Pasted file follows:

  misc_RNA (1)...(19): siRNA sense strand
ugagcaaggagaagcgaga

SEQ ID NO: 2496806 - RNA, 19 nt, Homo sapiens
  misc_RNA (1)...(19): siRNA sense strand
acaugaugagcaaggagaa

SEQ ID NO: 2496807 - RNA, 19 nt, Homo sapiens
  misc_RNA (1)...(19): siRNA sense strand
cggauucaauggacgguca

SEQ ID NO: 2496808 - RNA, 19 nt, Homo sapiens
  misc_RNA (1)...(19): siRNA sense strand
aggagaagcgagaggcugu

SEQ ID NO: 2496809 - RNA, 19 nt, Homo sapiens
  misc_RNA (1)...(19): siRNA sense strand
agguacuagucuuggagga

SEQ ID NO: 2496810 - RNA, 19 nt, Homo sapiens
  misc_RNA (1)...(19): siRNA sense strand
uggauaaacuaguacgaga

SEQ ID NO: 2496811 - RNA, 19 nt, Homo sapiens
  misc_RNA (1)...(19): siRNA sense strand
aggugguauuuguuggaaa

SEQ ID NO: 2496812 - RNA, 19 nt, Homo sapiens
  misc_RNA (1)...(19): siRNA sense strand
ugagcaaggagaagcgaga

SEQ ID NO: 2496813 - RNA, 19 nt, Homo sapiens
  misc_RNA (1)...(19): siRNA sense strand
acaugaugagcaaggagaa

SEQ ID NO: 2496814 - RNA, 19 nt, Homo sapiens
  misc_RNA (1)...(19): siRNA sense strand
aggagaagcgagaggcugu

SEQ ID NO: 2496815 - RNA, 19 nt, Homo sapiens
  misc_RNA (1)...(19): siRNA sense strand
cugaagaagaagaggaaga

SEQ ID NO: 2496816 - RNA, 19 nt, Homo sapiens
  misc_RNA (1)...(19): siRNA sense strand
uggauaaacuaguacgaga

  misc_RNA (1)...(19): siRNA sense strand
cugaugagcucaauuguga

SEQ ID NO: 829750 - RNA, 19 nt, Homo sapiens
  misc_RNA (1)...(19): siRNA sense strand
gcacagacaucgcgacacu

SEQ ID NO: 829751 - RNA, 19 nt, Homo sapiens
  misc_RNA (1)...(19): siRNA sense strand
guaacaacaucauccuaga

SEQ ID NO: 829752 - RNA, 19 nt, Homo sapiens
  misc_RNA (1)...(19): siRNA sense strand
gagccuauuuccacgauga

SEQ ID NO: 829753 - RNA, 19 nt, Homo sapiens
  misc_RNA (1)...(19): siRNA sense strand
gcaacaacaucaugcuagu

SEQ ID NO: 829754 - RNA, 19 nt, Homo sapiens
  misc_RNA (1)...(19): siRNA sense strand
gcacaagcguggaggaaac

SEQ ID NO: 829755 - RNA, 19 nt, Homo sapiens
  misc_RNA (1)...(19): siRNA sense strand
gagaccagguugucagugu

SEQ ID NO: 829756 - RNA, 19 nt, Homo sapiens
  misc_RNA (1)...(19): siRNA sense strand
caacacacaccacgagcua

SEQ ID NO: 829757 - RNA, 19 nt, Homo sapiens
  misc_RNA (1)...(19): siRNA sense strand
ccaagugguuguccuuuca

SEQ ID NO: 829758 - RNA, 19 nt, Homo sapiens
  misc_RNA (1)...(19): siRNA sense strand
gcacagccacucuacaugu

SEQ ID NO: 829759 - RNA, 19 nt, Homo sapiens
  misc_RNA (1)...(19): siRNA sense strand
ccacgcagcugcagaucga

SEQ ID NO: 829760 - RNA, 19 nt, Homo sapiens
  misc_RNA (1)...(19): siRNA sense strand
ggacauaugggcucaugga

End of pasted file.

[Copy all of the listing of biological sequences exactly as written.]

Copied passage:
  misc_RNA (1)...(19): siRNA sense strand
ugagcaaggagaagcgaga

SEQ ID NO: 2496806 - RNA, 19 nt, Homo sapiens
  misc_RNA (1)...(19): siRNA sense strand
acaugaugagcaaggagaa

SEQ ID NO: 2496807 - RNA, 19 nt, Homo sapiens
  misc_RNA (1)...(19): siRNA sense strand
cggauucaauggacgguca

SEQ ID NO: 2496808 - RNA, 19 nt, Homo sapiens
  misc_RNA (1)...(19): siRNA sense strand
aggagaagcgagaggcugu

SEQ ID NO: 2496809 - RNA, 19 nt, Homo sapiens
  misc_RNA (1)...(19): siRNA sense strand
agguacuagucuuggagga

SEQ ID NO: 2496810 - RNA, 19 nt, Homo sapiens
  misc_RNA (1)...(19): siRNA sense strand
uggauaaacuaguacgaga

SEQ ID NO: 2496811 - RNA, 19 nt, Homo sapiens
  misc_RNA (1)...(19): siRNA sense strand
aggugguauuuguuggaaa

SEQ ID NO: 2496812 - RNA, 19 nt, Homo sapiens
  misc_RNA (1)...(19): siRNA sense strand
ugagcaaggagaagcgaga

SEQ ID NO: 2496813 - RNA, 19 nt, Homo sapiens
  misc_RNA (1)...(19): siRNA sense strand
acaugaugagcaaggagaa

SEQ ID NO: 2496814 - RNA, 19 nt, Homo sapiens
  misc_RNA (1)...(19): siRNA sense strand
aggagaagcgagaggcugu

SEQ ID NO: 2496815 - RNA, 19 nt, Homo sapiens
  misc_RNA (1)...(19): siRNA sense strand
cugaagaagaagaggaaga

SEQ ID NO: 2496816 - RNA, 19 nt, Homo sapiens
  misc_RNA (1)...(19): siRNA sense strand
uggauaaacuaguacgaga

  misc_RNA (1)...(19): siRNA sense strand
cugaugagcucaauuguga

SEQ ID NO: 829750 - RNA, 19 nt, Homo sapiens
  misc_RNA (1)...(19): siRNA sense strand
gcacagacaucgcgacacu

SEQ ID NO: 829751 - RNA, 19 nt, Homo sapiens
  misc_RNA (1)...(19): siRNA sense strand
guaacaacaucauccuaga

SEQ ID NO: 829752 - RNA, 19 nt, Homo sapiens
  misc_RNA (1)...(19): siRNA sense strand
gagccuauuuccacgauga

SEQ ID NO: 829753 - RNA, 19 nt, Homo sapiens
  misc_RNA (1)...(19): siRNA sense strand
gcaacaacaucaugcuagu

SEQ ID NO: 829754 - RNA, 19 nt, Homo sapiens
  misc_RNA (1)...(19): siRNA sense strand
gcacaagcguggaggaaac

SEQ ID NO: 829755 - RNA, 19 nt, Homo sapiens
  misc_RNA (1)...(19): siRNA sense strand
gagaccagguugucagugu

SEQ ID NO: 829756 - RNA, 19 nt, Homo sapiens
  misc_RNA (1)...(19): siRNA sense strand
caacacacaccacgagcua

SEQ ID NO: 829757 - RNA, 19 nt, Homo sapiens
  misc_RNA (1)...(19): siRNA sense strand
ccaagugguuguccuuuca

SEQ ID NO: 829758 - RNA, 19 nt, Homo sapiens
  misc_RNA (1)...(19): siRNA sense strand
gcacagccacucuacaugu

SEQ ID NO: 829759 - RNA, 19 nt, Homo sapiens
  misc_RNA (1)...(19): siRNA sense strand
ccacgcagcugcagaucga

SEQ ID NO: 829760 - RNA, 19 nt, Homo sapiens
  misc_RNA (1)...(19): siRNA sense strand
ggacauaugggcucaugga